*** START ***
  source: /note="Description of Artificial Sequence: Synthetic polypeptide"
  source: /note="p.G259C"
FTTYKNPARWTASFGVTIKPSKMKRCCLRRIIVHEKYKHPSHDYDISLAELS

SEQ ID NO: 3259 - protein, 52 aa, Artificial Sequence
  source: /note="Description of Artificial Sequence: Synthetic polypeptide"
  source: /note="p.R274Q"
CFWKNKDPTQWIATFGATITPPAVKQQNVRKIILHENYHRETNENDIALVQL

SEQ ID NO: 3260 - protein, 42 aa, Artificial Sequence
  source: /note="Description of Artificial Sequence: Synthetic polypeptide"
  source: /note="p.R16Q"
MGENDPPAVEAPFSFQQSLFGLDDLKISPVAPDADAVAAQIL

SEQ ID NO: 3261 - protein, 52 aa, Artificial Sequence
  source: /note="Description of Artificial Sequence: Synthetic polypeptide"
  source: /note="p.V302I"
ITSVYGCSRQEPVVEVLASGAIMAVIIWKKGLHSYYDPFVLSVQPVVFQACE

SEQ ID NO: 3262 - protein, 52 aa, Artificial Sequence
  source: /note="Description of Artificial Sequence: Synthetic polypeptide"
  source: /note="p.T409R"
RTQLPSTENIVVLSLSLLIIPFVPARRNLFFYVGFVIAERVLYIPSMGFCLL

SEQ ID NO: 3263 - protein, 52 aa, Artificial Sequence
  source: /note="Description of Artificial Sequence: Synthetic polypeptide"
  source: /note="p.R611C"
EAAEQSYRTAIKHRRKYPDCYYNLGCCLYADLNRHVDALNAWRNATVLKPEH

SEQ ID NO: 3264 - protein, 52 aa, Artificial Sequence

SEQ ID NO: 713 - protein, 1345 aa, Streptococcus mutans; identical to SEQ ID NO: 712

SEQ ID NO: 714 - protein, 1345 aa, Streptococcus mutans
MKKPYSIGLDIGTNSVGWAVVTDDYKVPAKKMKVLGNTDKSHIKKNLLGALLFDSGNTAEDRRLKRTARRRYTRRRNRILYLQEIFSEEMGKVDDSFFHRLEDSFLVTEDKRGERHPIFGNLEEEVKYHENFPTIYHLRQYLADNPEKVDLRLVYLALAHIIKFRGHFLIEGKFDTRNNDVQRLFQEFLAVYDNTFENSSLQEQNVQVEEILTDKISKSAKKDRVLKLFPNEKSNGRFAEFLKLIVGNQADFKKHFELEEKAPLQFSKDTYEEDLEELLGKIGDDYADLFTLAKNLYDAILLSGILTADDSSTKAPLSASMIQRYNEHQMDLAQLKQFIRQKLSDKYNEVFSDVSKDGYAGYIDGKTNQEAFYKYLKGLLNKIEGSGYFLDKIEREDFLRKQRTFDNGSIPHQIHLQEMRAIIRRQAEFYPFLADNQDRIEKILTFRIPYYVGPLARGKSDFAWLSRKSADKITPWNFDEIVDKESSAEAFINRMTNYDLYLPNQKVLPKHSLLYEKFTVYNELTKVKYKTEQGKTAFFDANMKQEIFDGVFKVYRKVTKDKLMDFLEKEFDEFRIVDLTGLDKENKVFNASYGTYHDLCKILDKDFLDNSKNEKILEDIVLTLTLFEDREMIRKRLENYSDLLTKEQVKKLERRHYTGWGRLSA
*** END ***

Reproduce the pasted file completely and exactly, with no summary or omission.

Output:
  source: /note="Description of Artificial Sequence: Synthetic polypeptide"
  source: /note="p.G259C"
FTTYKNPARWTASFGVTIKPSKMKRCCLRRIIVHEKYKHPSHDYDISLAELS

SEQ ID NO: 3259 - protein, 52 aa, Artificial Sequence
  source: /note="Description of Artificial Sequence: Synthetic polypeptide"
  source: /note="p.R274Q"
CFWKNKDPTQWIATFGATITPPAVKQQNVRKIILHENYHRETNENDIALVQL

SEQ ID NO: 3260 - protein, 42 aa, Artificial Sequence
  source: /note="Description of Artificial Sequence: Synthetic polypeptide"
  source: /note="p.R16Q"
MGENDPPAVEAPFSFQQSLFGLDDLKISPVAPDADAVAAQIL

SEQ ID NO: 3261 - protein, 52 aa, Artificial Sequence
  source: /note="Description of Artificial Sequence: Synthetic polypeptide"
  source: /note="p.V302I"
ITSVYGCSRQEPVVEVLASGAIMAVIIWKKGLHSYYDPFVLSVQPVVFQACE

SEQ ID NO: 3262 - protein, 52 aa, Artificial Sequence
  source: /note="Description of Artificial Sequence: Synthetic polypeptide"
  source: /note="p.T409R"
RTQLPSTENIVVLSLSLLIIPFVPARRNLFFYVGFVIAERVLYIPSMGFCLL

SEQ ID NO: 3263 - protein, 52 aa, Artificial Sequence
  source: /note="Description of Artificial Sequence: Synthetic polypeptide"
  source: /note="p.R611C"
EAAEQSYRTAIKHRRKYPDCYYNLGCCLYADLNRHVDALNAWRNATVLKPEH

SEQ ID NO: 3264 - protein, 52 aa, Artificial Sequence

SEQ ID NO: 713 - protein, 1345 aa, Streptococcus mutans; identical to SEQ ID NO: 712

SEQ ID NO: 714 - protein, 1345 aa, Streptococcus mutans
MKKPYSIGLDIGTNSVGWAVVTDDYKVPAKKMKVLGNTDKSHIKKNLLGALLFDSGNTAEDRRLKRTARRRYTRRRNRILYLQEIFSEEMGKVDDSFFHRLEDSFLVTEDKRGERHPIFGNLEEEVKYHENFPTIYHLRQYLADNPEKVDLRLVYLALAHIIKFRGHFLIEGKFDTRNNDVQRLFQEFLAVYDNTFENSSLQEQNVQVEEILTDKISKSAKKDRVLKLFPNEKSNGRFAEFLKLIVGNQADFKKHFELEEKAPLQFSKDTYEEDLEELLGKIGDDYADLFTLAKNLYDAILLSGILTADDSSTKAPLSASMIQRYNEHQMDLAQLKQFIRQKLSDKYNEVFSDVSKDGYAGYIDGKTNQEAFYKYLKGLLNKIEGSGYFLDKIEREDFLRKQRTFDNGSIPHQIHLQEMRAIIRRQAEFYPFLADNQDRIEKILTFRIPYYVGPLARGKSDFAWLSRKSADKITPWNFDEIVDKESSAEAFINRMTNYDLYLPNQKVLPKHSLLYEKFTVYNELTKVKYKTEQGKTAFFDANMKQEIFDGVFKVYRKVTKDKLMDFLEKEFDEFRIVDLTGLDKENKVFNASYGTYHDLCKILDKDFLDNSKNEKILEDIVLTLTLFEDREMIRKRLENYSDLLTKEQVKKLERRHYTGWGRLSA